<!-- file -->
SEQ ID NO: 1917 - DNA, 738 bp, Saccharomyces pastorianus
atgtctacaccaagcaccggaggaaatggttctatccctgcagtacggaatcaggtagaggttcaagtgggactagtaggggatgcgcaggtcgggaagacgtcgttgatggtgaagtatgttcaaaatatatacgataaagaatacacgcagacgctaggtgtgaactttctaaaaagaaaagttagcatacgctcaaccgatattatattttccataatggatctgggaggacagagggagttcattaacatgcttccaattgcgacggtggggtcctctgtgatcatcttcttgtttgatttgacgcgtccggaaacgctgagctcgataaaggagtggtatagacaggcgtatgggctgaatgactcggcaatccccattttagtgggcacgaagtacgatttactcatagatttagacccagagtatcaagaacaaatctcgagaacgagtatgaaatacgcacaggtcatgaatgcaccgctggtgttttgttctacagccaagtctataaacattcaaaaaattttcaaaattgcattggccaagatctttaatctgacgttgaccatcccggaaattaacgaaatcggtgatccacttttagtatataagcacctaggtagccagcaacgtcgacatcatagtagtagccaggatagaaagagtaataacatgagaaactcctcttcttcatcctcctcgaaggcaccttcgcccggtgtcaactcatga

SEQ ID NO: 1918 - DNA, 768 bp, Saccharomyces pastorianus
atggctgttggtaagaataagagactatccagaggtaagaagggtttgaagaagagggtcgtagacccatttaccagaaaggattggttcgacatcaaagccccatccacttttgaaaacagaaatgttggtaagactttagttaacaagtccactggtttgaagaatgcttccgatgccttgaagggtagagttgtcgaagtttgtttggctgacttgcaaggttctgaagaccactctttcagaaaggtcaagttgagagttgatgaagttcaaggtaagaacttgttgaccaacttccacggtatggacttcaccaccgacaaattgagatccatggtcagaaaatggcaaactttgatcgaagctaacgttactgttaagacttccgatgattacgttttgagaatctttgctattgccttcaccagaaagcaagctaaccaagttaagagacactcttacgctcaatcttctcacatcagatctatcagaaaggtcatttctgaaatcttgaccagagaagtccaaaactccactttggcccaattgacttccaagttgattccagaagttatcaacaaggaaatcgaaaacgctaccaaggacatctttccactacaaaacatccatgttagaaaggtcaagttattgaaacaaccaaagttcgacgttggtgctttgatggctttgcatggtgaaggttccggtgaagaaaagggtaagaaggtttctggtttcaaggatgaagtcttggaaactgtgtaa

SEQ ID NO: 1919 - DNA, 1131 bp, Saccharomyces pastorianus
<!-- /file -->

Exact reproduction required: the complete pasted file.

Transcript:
SEQ ID NO: 1917 - DNA, 738 bp, Saccharomyces pastorianus
atgtctacaccaagcaccggaggaaatggttctatccctgcagtacggaatcaggtagaggttcaagtgggactagtaggggatgcgcaggtcgggaagacgtcgttgatggtgaagtatgttcaaaatatatacgataaagaatacacgcagacgctaggtgtgaactttctaaaaagaaaagttagcatacgctcaaccgatattatattttccataatggatctgggaggacagagggagttcattaacatgcttccaattgcgacggtggggtcctctgtgatcatcttcttgtttgatttgacgcgtccggaaacgctgagctcgataaaggagtggtatagacaggcgtatgggctgaatgactcggcaatccccattttagtgggcacgaagtacgatttactcatagatttagacccagagtatcaagaacaaatctcgagaacgagtatgaaatacgcacaggtcatgaatgcaccgctggtgttttgttctacagccaagtctataaacattcaaaaaattttcaaaattgcattggccaagatctttaatctgacgttgaccatcccggaaattaacgaaatcggtgatccacttttagtatataagcacctaggtagccagcaacgtcgacatcatagtagtagccaggatagaaagagtaataacatgagaaactcctcttcttcatcctcctcgaaggcaccttcgcccggtgtcaactcatga

SEQ ID NO: 1918 - DNA, 768 bp, Saccharomyces pastorianus
atggctgttggtaagaataagagactatccagaggtaagaagggtttgaagaagagggtcgtagacccatttaccagaaaggattggttcgacatcaaagccccatccacttttgaaaacagaaatgttggtaagactttagttaacaagtccactggtttgaagaatgcttccgatgccttgaagggtagagttgtcgaagtttgtttggctgacttgcaaggttctgaagaccactctttcagaaaggtcaagttgagagttgatgaagttcaaggtaagaacttgttgaccaacttccacggtatggacttcaccaccgacaaattgagatccatggtcagaaaatggcaaactttgatcgaagctaacgttactgttaagacttccgatgattacgttttgagaatctttgctattgccttcaccagaaagcaagctaaccaagttaagagacactcttacgctcaatcttctcacatcagatctatcagaaaggtcatttctgaaatcttgaccagagaagtccaaaactccactttggcccaattgacttccaagttgattccagaagttatcaacaaggaaatcgaaaacgctaccaaggacatctttccactacaaaacatccatgttagaaaggtcaagttattgaaacaaccaaagttcgacgttggtgctttgatggctttgcatggtgaaggttccggtgaagaaaagggtaagaaggtttctggtttcaaggatgaagtcttggaaactgtgtaa

SEQ ID NO: 1919 - DNA, 1131 bp, Saccharomyces pastorianus